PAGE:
Activist Eric Bower
Three pro-life greats who were all good friends of the Pro-Life Action League have died in recent months.
Mike Schwartz: An Activist’s Activist
Pro-life pioneer and political strategist Mike Schwartz succumbed to Lou Gehrig’s disease on February 3. I knew Mike in the 1970s when he was working in Milwaukee with the Catholic League for Religious and Civil Rights. His boss at the time was Father Virgil Blum, who was also a close friend of mine. Mike and I spent time together working for the pro-life cause during his stay there, and I learned first-hand that he was a dedicated, loyal, and faithful Catholic as well as a fierce but gentle pro-life activist. I liked to call Mike “an activist’s activist.”
When he moved to Washington I saw him occasionally at meetings and rallies. But despite the fact that he went into politics, he never left his pro-life work. Mike had the distinction of having held a sit-in at a hospital in Washington, DC in 1970—three years before the Supreme Court’s Roe v. Wade and Doe v. Bolton rulings. I believe he saw them coming.
Mike had carefully thought-out plans for winning the war for the rights of the unborn, as well as the war for religious freedom. He was a truly good and holy man, and I feel that a great, warm light has been turned off. We will miss that light, and that gentle way he had of telling you he had a plan.
Eric Bower: Always a Fighter
A few days later, on February 6, my old friend Eric Bower died following a long battle with leukemia. He fought the culture of death the same way he fought his illness—without complaint but with all his strength of will.
Eric and I had been working together in the pro-life movement since the late 1970s. He would come to nearly every pro-life picket, and he had a special affinity for protesting pro-abortion politicians. He seemed shy and soft-spoken when you first met him, but on the front lines, he was outspoken.
Eric knew suffering early in his married life when he and his wife Diane lost a baby girl to SIDS. After her death, Eric and Diane became devoted leaders in the effort to save babies from this malady.
Last fall, when Eric was in the hospital preparing for a round of chemo, he invited eight fellow Knights of Columbus to his hospital room. We talked and laughed a lot, then prayed over Eric for a quick recovery. Then he sent us to an elegant club for dinner and entertainment, just out of the kindness of his heart. That’s the kind of man Eric was: he wanted others to be happy, safe, and well. He wanted everyone to share the peace and joy he always seemed to have himself.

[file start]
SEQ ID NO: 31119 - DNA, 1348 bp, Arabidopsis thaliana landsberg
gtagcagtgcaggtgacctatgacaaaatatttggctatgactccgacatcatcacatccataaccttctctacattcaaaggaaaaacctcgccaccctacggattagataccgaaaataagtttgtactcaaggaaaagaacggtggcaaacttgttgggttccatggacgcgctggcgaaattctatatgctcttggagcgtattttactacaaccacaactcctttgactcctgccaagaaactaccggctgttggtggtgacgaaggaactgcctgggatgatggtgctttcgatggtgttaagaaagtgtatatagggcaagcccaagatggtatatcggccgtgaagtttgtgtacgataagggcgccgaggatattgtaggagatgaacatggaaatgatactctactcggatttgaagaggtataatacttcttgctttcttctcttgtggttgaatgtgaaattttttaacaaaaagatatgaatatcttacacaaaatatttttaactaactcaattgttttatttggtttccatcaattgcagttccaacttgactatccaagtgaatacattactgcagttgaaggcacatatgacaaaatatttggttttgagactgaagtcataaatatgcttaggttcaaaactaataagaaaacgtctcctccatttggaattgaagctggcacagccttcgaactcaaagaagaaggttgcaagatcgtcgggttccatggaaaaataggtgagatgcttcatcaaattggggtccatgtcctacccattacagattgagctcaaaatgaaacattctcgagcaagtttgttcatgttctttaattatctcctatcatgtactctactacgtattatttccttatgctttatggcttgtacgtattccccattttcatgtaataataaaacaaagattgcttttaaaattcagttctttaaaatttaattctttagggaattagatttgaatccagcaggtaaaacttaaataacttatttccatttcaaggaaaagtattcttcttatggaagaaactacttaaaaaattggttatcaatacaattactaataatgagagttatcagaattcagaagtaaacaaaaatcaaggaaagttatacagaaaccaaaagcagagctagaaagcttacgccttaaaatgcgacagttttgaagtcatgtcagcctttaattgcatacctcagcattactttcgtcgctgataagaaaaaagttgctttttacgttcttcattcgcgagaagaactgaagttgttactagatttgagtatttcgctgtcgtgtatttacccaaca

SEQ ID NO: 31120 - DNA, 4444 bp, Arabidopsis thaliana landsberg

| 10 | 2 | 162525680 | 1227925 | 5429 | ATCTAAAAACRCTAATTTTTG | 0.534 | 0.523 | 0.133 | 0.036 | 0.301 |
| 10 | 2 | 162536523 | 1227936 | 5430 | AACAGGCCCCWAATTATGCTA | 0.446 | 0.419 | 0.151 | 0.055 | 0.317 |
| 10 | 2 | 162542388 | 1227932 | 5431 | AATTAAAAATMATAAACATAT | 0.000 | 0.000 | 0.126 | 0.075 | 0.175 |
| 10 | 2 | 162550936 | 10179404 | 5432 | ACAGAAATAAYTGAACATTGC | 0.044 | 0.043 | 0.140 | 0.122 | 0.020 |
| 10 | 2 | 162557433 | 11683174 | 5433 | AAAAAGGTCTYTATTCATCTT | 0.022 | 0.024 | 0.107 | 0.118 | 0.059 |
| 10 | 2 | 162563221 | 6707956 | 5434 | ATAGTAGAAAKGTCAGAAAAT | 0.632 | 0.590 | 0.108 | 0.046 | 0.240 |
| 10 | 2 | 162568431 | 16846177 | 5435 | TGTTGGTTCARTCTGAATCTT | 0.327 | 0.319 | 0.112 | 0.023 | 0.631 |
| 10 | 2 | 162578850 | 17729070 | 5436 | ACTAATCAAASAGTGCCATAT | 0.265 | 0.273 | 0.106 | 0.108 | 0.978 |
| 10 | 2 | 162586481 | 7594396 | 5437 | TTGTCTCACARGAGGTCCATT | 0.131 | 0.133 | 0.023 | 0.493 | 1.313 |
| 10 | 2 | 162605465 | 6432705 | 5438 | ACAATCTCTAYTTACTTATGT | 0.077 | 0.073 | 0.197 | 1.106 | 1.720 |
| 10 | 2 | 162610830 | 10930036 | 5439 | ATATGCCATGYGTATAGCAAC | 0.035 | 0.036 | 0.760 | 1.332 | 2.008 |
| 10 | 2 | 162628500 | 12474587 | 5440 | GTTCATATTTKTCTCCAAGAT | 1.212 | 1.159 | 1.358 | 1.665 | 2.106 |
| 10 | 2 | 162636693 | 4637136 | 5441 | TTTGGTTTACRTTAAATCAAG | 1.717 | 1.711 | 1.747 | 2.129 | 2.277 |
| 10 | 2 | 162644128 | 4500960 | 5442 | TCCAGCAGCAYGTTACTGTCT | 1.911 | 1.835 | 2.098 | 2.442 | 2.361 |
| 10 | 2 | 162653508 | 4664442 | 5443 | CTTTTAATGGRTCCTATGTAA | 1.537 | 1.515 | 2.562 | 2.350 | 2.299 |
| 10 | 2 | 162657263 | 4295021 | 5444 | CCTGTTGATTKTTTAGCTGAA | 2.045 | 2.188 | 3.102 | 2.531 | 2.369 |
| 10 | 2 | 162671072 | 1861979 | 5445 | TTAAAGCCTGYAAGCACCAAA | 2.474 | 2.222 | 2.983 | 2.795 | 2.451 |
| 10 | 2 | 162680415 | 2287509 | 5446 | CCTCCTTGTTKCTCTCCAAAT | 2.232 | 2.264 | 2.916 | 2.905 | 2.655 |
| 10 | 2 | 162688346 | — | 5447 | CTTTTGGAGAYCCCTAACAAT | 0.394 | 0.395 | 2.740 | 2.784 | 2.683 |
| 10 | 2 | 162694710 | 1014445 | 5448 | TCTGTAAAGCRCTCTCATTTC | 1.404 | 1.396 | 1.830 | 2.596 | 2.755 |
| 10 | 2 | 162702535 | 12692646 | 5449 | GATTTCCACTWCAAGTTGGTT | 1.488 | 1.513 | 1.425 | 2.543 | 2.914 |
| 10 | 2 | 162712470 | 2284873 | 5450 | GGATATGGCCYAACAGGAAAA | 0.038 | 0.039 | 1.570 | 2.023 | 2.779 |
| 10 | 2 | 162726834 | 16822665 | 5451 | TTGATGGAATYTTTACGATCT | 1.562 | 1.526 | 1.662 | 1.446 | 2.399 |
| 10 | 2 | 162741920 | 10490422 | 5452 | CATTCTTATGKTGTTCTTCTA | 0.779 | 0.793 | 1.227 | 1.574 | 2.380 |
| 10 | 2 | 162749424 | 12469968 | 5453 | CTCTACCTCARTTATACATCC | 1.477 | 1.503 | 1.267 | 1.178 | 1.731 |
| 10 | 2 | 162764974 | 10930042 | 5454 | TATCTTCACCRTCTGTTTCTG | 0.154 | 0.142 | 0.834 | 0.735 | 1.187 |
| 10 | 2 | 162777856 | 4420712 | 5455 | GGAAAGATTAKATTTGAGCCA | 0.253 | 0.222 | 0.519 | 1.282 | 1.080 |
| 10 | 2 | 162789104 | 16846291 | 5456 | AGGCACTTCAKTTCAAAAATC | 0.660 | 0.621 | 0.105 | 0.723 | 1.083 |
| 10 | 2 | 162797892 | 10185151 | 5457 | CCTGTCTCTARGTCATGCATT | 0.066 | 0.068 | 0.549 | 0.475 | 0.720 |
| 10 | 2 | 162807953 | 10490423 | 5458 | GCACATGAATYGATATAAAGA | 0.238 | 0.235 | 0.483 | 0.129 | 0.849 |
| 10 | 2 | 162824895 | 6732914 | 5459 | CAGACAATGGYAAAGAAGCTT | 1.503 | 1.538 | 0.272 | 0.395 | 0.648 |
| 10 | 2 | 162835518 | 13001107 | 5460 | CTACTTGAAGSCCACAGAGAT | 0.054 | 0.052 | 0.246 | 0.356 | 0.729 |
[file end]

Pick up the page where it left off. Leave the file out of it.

I always think of Eric with a big pro-life sign and an enormous smile. He was the best.
Tom Bresler: From Coffee Salesman to CPC Founder
A few months later, my longtime friend Tom Bresler, founder of Chicago’s Aid for Women crisis pregnancy center, died on April 27. My introduction to Tom came when I worked for Illinois Right to Life in the late 1970s, and he paid a visit to our office in the course of his work as a coffee salesman.
One day while I was on a long phone conversation, Tom sat in the reception area and heard my assistant Laura Canning talk a pregnant woman out of abortion over the phone. Tom was dumbfounded. When he came into my office, he forgot all about his coffee sales pitch and instead exclaimed, “I just witnessed a life being saved.” I told him that’s what we do—and he and I became immediate friends.
Thus began the pro-life mission of Tom Bresler. He sold the coffee business and opened the first Aid for Women pregnancy center in Deerfield, Illinois, followed by a center on Michigan Avenue in downtown Chicago.
Michigan Avenue Women’s Center—an abortion clinic—was located just down the street from Aid for Women. One day in the spring of 1987, Tom got a call from the clinic’s marketing director. He told Tom that the staff disposed of aborted babies by packing the remains in boxes that were then discarded into the trash containers in the alley behind the clinic.
This knowledge led to several weeks of retrieving aborted babies’ remains from the alley behind the abortion clinic by a crack team of pro-life activists working with the League. We then had these babies buried in St. Mary’s Cemetery in Evergreen Park, Illinois.
The fact that Tom Bresler was there, just a few doors from the abortion clinic when someone finally got uncomfortable with what was going on there, was crucial to the discovery and memorializing of these precious unborn children.
Tom’s wife of more than 70 years, Heather, died on May 2, as his wake was underway. So he and Heather continue to be together, even after death did them part.